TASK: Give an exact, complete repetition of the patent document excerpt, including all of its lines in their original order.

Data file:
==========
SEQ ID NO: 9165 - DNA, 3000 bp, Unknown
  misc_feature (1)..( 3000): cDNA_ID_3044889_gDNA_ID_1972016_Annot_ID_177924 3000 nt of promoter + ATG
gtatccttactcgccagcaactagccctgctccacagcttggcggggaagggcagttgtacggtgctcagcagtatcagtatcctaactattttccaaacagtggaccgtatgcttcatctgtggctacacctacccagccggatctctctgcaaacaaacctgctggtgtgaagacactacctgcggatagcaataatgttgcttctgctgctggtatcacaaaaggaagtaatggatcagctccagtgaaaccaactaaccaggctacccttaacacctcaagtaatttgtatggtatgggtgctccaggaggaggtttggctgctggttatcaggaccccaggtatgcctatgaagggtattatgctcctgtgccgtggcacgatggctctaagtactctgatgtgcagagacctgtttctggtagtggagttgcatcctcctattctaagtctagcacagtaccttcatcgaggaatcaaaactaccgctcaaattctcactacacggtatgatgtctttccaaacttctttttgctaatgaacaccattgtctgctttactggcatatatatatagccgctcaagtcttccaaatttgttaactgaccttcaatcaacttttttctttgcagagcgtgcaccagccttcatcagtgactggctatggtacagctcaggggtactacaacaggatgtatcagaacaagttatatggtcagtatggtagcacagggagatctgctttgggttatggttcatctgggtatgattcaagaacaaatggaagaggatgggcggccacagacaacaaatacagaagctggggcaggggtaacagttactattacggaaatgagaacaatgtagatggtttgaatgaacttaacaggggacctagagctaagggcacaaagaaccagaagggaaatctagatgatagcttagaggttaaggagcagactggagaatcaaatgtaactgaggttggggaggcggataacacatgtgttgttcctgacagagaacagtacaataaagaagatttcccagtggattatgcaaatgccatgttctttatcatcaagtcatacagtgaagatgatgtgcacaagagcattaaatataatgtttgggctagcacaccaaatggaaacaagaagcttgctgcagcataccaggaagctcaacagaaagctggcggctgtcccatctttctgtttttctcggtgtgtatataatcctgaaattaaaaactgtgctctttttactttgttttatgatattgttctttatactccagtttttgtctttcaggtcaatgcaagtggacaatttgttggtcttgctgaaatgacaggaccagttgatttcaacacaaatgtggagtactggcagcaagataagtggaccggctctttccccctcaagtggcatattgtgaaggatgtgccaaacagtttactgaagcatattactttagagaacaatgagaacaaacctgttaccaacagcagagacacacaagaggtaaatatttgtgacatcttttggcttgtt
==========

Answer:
SEQ ID NO: 9165 - DNA, 3000 bp, Unknown
  misc_feature (1)..( 3000): cDNA_ID_3044889_gDNA_ID_1972016_Annot_ID_177924 3000 nt of promoter + ATG
gtatccttactcgccagcaactagccctgctccacagcttggcggggaagggcagttgtacggtgctcagcagtatcagtatcctaactattttccaaacagtggaccgtatgcttcatctgtggctacacctacccagccggatctctctgcaaacaaacctgctggtgtgaagacactacctgcggatagcaataatgttgcttctgctgctggtatcacaaaaggaagtaatggatcagctccagtgaaaccaactaaccaggctacccttaacacctcaagtaatttgtatggtatgggtgctccaggaggaggtttggctgctggttatcaggaccccaggtatgcctatgaagggtattatgctcctgtgccgtggcacgatggctctaagtactctgatgtgcagagacctgtttctggtagtggagttgcatcctcctattctaagtctagcacagtaccttcatcgaggaatcaaaactaccgctcaaattctcactacacggtatgatgtctttccaaacttctttttgctaatgaacaccattgtctgctttactggcatatatatatagccgctcaagtcttccaaatttgttaactgaccttcaatcaacttttttctttgcagagcgtgcaccagccttcatcagtgactggctatggtacagctcaggggtactacaacaggatgtatcagaacaagttatatggtcagtatggtagcacagggagatctgctttgggttatggttcatctgggtatgattcaagaacaaatggaagaggatgggcggccacagacaacaaatacagaagctggggcaggggtaacagttactattacggaaatgagaacaatgtagatggtttgaatgaacttaacaggggacctagagctaagggcacaaagaaccagaagggaaatctagatgatagcttagaggttaaggagcagactggagaatcaaatgtaactgaggttggggaggcggataacacatgtgttgttcctgacagagaacagtacaataaagaagatttcccagtggattatgcaaatgccatgttctttatcatcaagtcatacagtgaagatgatgtgcacaagagcattaaatataatgtttgggctagcacaccaaatggaaacaagaagcttgctgcagcataccaggaagctcaacagaaagctggcggctgtcccatctttctgtttttctcggtgtgtatataatcctgaaattaaaaactgtgctctttttactttgttttatgatattgttctttatactccagtttttgtctttcaggtcaatgcaagtggacaatttgttggtcttgctgaaatgacaggaccagttgatttcaacacaaatgtggagtactggcagcaagataagtggaccggctctttccccctcaagtggcatattgtgaaggatgtgccaaacagtttactgaagcatattactttagagaacaatgagaacaaacctgttaccaacagcagagacacacaagaggtaaatatttgtgacatcttttggcttgtt